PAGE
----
Minnesota's home-grown wine industry is feeling as chilly as a bottle of white in the wine fridge. Record-setting cold last winter is taking a toll on the state's fledgling wine-grape production, which will limit the amount of Minnesota wine that will be available later this year.
KARE first heard it through the grapevine, reporting that some Minnesota vineyards are experiencing devastating losses.
"All of the vineyards north of the metro are either showing a 100 percent loss or near 100 percent losses for all of their grapevines," Minnesota Grape Growers President Irv Geary told the station, adding that the Wild Mountain Winery in Forest Lake will harvest about 6,000 to 7,000 pounds of grapes this fall compared to an average harvest of 25,000 pounds.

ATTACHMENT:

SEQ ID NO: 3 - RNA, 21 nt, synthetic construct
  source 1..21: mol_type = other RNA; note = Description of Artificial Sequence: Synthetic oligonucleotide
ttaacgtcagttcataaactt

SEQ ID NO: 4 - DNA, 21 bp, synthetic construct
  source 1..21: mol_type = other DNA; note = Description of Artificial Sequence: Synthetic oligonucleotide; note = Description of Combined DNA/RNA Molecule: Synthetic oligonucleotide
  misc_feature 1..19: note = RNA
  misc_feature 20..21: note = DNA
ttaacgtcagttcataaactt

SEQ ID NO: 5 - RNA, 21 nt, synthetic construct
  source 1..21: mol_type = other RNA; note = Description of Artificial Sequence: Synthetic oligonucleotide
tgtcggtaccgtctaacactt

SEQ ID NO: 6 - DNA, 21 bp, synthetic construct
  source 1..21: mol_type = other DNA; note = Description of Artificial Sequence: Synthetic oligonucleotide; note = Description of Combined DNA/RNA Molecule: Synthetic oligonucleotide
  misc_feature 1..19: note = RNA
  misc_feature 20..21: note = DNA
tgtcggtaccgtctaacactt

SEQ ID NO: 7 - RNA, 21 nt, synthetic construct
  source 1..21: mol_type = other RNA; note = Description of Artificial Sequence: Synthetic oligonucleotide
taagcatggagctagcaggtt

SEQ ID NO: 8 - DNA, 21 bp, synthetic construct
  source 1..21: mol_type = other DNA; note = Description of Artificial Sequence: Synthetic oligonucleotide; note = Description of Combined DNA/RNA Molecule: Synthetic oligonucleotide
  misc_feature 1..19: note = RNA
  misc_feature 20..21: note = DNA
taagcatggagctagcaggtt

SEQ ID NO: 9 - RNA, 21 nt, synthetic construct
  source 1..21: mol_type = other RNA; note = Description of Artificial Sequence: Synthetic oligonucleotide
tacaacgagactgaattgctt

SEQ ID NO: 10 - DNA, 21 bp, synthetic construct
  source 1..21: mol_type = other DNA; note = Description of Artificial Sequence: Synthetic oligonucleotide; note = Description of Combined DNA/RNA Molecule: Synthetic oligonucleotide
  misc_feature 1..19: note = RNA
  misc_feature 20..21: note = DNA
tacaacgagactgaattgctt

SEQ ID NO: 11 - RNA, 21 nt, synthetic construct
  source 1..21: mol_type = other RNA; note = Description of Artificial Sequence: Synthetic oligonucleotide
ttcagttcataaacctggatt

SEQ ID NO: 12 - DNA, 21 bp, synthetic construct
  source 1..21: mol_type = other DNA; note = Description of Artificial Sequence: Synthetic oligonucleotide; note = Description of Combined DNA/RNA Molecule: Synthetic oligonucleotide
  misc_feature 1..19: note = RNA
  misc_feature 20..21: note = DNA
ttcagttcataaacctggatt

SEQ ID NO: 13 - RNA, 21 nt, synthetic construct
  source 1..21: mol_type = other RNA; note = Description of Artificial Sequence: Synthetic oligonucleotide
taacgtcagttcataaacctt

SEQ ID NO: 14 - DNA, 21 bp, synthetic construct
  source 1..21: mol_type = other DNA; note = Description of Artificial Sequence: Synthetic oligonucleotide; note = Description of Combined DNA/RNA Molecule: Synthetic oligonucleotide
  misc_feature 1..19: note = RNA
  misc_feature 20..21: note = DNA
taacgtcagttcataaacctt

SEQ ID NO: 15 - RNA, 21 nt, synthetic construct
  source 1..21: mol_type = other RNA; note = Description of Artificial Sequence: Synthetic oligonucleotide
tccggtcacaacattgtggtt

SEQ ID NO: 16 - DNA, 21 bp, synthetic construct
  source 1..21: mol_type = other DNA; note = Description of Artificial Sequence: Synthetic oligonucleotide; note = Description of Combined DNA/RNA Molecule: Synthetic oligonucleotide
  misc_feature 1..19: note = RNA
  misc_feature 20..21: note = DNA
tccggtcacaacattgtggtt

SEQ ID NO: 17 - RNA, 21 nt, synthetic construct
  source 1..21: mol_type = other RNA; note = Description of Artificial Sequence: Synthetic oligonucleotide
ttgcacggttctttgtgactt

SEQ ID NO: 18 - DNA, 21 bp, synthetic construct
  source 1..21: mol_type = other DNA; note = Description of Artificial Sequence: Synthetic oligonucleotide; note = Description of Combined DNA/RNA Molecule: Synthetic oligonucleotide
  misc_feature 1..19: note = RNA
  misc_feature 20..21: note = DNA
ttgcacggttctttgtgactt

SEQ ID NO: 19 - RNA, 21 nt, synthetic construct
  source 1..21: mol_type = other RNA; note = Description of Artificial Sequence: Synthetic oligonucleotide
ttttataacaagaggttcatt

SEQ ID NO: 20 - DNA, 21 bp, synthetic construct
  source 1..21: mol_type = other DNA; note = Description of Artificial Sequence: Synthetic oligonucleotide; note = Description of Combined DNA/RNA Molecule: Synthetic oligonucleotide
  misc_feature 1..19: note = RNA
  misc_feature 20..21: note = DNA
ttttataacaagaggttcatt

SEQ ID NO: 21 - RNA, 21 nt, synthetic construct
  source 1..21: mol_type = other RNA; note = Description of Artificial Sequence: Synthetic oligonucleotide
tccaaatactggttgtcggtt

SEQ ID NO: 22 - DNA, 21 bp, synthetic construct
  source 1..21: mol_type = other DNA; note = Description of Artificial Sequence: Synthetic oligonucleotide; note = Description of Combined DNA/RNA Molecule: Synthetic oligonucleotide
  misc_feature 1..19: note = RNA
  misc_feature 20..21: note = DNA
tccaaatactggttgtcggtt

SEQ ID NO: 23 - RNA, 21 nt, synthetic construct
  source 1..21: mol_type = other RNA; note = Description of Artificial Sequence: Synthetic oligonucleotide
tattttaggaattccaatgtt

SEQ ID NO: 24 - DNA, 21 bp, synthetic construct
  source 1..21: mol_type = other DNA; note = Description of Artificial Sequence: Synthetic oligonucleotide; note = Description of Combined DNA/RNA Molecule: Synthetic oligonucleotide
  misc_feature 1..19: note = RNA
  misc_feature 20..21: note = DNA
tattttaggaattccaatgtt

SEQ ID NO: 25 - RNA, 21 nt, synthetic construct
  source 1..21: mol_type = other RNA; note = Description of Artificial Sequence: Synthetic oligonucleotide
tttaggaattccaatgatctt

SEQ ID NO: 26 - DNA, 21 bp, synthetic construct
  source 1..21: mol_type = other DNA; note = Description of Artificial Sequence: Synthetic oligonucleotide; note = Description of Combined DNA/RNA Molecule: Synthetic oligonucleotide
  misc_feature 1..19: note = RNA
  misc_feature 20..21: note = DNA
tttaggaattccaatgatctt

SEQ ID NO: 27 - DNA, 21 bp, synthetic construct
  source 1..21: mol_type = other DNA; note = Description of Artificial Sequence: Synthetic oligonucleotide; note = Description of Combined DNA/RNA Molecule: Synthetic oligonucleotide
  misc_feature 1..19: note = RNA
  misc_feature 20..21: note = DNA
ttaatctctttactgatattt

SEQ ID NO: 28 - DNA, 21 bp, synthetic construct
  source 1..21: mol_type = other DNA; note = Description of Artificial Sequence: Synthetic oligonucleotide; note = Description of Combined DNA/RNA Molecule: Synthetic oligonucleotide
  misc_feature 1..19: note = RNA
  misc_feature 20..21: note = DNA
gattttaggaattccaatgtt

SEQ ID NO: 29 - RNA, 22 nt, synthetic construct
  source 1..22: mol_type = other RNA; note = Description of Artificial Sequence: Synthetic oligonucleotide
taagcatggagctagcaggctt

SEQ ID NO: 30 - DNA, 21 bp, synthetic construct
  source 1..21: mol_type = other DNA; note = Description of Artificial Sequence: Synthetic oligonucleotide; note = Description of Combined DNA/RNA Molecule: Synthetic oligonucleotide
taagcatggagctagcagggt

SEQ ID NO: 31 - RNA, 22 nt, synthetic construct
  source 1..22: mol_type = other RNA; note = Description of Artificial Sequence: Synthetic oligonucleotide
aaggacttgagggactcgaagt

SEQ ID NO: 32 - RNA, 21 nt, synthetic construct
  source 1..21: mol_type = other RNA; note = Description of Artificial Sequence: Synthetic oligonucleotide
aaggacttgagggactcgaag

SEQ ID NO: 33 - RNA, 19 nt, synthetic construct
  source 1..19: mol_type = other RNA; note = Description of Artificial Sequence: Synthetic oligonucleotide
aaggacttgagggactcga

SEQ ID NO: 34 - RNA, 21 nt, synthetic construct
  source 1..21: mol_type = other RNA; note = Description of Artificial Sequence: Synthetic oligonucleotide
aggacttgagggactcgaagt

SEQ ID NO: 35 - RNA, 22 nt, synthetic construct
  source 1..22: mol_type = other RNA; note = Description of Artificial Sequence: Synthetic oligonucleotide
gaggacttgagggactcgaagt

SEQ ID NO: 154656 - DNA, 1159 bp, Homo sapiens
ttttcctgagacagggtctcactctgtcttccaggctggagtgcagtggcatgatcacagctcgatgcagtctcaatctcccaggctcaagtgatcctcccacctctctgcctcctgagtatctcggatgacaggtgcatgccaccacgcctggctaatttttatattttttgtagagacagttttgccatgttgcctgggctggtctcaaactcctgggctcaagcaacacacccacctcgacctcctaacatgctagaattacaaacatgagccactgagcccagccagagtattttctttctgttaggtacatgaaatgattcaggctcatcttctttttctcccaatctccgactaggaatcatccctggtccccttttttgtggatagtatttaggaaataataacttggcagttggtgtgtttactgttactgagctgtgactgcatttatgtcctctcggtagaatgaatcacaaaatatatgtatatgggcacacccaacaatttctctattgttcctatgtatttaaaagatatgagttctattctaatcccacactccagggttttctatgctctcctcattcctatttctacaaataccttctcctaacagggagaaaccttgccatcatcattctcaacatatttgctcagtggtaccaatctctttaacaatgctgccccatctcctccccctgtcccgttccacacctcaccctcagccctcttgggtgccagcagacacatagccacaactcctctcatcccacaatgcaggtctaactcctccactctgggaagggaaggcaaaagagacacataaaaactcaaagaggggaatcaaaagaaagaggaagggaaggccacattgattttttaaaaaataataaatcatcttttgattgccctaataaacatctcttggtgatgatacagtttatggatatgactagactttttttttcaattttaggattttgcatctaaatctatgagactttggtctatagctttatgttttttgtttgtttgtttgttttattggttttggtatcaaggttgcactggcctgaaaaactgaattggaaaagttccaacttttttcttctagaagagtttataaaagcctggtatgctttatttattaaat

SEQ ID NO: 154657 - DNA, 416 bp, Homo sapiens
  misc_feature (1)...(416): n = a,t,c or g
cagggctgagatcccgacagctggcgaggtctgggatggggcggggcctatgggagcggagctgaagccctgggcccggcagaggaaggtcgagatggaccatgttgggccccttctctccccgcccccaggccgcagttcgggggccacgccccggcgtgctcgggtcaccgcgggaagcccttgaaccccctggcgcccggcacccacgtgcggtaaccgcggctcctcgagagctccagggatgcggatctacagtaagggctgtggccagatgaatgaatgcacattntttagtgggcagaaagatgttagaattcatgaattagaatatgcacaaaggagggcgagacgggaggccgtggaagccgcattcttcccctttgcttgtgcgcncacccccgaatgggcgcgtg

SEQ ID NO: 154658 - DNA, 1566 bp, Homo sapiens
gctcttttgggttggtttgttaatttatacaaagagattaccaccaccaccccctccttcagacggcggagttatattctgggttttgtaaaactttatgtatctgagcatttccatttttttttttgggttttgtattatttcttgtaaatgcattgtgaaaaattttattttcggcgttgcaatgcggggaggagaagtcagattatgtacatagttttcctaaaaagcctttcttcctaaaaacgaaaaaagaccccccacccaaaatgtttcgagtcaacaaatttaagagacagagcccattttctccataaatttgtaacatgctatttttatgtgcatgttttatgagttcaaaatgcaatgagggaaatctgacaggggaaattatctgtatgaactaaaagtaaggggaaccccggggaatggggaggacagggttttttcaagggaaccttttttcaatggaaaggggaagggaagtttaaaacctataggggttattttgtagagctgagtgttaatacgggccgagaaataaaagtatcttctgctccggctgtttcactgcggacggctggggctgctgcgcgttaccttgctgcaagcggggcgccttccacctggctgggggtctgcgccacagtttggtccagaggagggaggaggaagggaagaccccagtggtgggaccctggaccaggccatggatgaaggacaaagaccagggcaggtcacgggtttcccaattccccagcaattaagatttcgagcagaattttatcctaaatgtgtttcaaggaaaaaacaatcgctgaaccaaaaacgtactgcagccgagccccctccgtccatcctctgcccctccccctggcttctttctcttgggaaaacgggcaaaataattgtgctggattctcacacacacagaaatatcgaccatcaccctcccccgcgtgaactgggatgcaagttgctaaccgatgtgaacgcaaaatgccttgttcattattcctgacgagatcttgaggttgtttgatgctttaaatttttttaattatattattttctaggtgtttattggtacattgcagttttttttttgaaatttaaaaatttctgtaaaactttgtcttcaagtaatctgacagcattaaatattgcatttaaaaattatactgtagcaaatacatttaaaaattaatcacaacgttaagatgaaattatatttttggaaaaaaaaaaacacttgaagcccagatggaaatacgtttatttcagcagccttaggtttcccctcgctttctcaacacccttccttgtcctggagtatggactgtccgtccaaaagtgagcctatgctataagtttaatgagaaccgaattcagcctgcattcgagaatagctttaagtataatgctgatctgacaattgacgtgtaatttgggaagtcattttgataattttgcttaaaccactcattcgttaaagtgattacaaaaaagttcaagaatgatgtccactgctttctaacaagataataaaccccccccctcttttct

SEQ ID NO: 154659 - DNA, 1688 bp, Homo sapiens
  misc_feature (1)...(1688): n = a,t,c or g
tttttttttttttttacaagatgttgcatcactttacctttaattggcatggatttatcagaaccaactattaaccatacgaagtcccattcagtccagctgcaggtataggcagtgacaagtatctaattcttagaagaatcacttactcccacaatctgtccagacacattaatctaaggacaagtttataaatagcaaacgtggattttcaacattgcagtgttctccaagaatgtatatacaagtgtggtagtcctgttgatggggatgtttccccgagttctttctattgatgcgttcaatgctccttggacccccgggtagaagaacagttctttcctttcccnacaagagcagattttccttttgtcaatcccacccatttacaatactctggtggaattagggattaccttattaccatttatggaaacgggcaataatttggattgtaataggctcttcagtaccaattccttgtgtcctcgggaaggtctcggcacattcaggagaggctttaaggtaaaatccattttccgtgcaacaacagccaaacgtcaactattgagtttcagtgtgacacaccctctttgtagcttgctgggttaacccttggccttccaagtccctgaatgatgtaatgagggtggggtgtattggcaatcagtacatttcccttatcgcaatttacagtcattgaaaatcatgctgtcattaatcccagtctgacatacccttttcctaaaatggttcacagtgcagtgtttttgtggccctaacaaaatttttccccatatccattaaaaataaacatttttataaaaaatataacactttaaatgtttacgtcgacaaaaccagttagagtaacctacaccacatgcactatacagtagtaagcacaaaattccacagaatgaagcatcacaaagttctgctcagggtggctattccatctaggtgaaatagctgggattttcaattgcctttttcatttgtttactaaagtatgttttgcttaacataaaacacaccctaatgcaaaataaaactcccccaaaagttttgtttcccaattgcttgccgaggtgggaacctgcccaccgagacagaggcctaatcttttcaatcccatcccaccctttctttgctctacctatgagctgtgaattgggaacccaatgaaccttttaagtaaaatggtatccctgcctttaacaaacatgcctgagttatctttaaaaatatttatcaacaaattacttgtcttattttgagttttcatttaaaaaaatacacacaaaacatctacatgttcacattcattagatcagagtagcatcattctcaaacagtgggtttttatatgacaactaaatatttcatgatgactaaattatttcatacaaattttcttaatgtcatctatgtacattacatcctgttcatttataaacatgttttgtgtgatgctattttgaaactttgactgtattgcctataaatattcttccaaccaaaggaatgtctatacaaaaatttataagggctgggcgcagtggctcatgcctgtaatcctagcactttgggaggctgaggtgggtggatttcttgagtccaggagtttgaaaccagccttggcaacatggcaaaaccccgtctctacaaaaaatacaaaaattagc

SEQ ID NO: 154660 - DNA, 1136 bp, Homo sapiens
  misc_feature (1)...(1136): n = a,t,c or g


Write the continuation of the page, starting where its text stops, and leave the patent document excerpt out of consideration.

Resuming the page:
The Star Tribune reported that statewide, the winter took an estimated 30 percent of Minnesota's wine-grape crop.
Because Minnesota’s wine industry is still relatively young, the grape plants are more vulnerable to an extreme winter. While the grape varietals used by Minnesota's 50 bonded wineries were selected to be hardy enough to weather the extreme cold, this year's relentless run of below-zero temperatures was more than many of the plants could take.
“There was no January thaw,” Tami Bredeson, co-owner of the Carlos Creek Winery, told the newspaper. Her winery in Alexandria lost about 80 percent of its expected grape yield. “There was never a letup for the plants. They had to struggle so hard, for so long.”
KARE's story suggested that Minnesota wineries may have to turn to apples or berries for fermentation, or combine the grapes that survived with those from other parts of the country to bottle blends that contain less local wine.